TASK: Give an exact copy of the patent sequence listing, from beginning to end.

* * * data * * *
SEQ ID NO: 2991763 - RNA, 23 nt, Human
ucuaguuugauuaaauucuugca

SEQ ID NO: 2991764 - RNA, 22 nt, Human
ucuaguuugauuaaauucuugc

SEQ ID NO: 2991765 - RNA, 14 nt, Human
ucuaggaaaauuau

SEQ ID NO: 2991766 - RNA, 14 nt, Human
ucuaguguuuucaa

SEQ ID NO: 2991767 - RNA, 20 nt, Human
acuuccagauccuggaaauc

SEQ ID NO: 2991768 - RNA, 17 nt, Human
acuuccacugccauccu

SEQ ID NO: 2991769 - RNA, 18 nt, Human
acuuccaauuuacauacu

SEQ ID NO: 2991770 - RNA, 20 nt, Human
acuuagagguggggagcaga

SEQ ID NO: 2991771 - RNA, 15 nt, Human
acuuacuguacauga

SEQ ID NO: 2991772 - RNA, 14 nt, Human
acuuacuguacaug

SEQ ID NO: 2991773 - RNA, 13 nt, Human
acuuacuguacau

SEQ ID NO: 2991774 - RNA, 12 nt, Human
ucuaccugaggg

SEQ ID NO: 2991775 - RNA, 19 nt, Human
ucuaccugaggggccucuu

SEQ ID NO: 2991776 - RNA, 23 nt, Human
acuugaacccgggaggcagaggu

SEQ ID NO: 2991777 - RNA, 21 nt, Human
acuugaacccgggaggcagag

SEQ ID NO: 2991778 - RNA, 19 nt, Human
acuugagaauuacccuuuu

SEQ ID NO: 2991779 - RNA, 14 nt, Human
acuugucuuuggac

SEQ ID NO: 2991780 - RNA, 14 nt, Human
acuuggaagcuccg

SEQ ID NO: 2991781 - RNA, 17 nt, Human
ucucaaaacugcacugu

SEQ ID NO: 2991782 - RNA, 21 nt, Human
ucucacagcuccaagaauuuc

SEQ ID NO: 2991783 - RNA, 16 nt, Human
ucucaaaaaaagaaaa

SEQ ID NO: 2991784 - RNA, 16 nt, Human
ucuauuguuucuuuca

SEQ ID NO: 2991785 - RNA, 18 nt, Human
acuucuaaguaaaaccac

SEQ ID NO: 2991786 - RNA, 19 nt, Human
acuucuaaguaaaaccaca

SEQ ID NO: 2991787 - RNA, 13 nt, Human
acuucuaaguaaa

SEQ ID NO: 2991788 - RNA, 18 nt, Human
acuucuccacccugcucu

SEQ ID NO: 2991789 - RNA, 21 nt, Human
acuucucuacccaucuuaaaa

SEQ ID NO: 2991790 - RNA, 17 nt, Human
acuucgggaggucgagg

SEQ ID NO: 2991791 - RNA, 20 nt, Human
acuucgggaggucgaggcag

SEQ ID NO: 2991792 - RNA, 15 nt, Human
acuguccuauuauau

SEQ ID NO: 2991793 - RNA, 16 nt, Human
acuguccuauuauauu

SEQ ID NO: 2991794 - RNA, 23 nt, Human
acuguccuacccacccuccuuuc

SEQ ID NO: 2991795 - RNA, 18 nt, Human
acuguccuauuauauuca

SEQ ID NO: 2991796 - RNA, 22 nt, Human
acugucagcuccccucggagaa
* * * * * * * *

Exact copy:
SEQ ID NO: 2991763 - RNA, 23 nt, Human
ucuaguuugauuaaauucuugca

SEQ ID NO: 2991764 - RNA, 22 nt, Human
ucuaguuugauuaaauucuugc

SEQ ID NO: 2991765 - RNA, 14 nt, Human
ucuaggaaaauuau

SEQ ID NO: 2991766 - RNA, 14 nt, Human
ucuaguguuuucaa

SEQ ID NO: 2991767 - RNA, 20 nt, Human
acuuccagauccuggaaauc

SEQ ID NO: 2991768 - RNA, 17 nt, Human
acuuccacugccauccu

SEQ ID NO: 2991769 - RNA, 18 nt, Human
acuuccaauuuacauacu

SEQ ID NO: 2991770 - RNA, 20 nt, Human
acuuagagguggggagcaga

SEQ ID NO: 2991771 - RNA, 15 nt, Human
acuuacuguacauga

SEQ ID NO: 2991772 - RNA, 14 nt, Human
acuuacuguacaug

SEQ ID NO: 2991773 - RNA, 13 nt, Human
acuuacuguacau

SEQ ID NO: 2991774 - RNA, 12 nt, Human
ucuaccugaggg

SEQ ID NO: 2991775 - RNA, 19 nt, Human
ucuaccugaggggccucuu

SEQ ID NO: 2991776 - RNA, 23 nt, Human
acuugaacccgggaggcagaggu

SEQ ID NO: 2991777 - RNA, 21 nt, Human
acuugaacccgggaggcagag

SEQ ID NO: 2991778 - RNA, 19 nt, Human
acuugagaauuacccuuuu

SEQ ID NO: 2991779 - RNA, 14 nt, Human
acuugucuuuggac

SEQ ID NO: 2991780 - RNA, 14 nt, Human
acuuggaagcuccg

SEQ ID NO: 2991781 - RNA, 17 nt, Human
ucucaaaacugcacugu

SEQ ID NO: 2991782 - RNA, 21 nt, Human
ucucacagcuccaagaauuuc

SEQ ID NO: 2991783 - RNA, 16 nt, Human
ucucaaaaaaagaaaa

SEQ ID NO: 2991784 - RNA, 16 nt, Human
ucuauuguuucuuuca

SEQ ID NO: 2991785 - RNA, 18 nt, Human
acuucuaaguaaaaccac

SEQ ID NO: 2991786 - RNA, 19 nt, Human
acuucuaaguaaaaccaca

SEQ ID NO: 2991787 - RNA, 13 nt, Human
acuucuaaguaaa

SEQ ID NO: 2991788 - RNA, 18 nt, Human
acuucuccacccugcucu

SEQ ID NO: 2991789 - RNA, 21 nt, Human
acuucucuacccaucuuaaaa

SEQ ID NO: 2991790 - RNA, 17 nt, Human
acuucgggaggucgagg

SEQ ID NO: 2991791 - RNA, 20 nt, Human
acuucgggaggucgaggcag

SEQ ID NO: 2991792 - RNA, 15 nt, Human
acuguccuauuauau

SEQ ID NO: 2991793 - RNA, 16 nt, Human
acuguccuauuauauu

SEQ ID NO: 2991794 - RNA, 23 nt, Human
acuguccuacccacccuccuuuc

SEQ ID NO: 2991795 - RNA, 18 nt, Human
acuguccuauuauauuca

SEQ ID NO: 2991796 - RNA, 22 nt, Human
acugucagcuccccucggagaa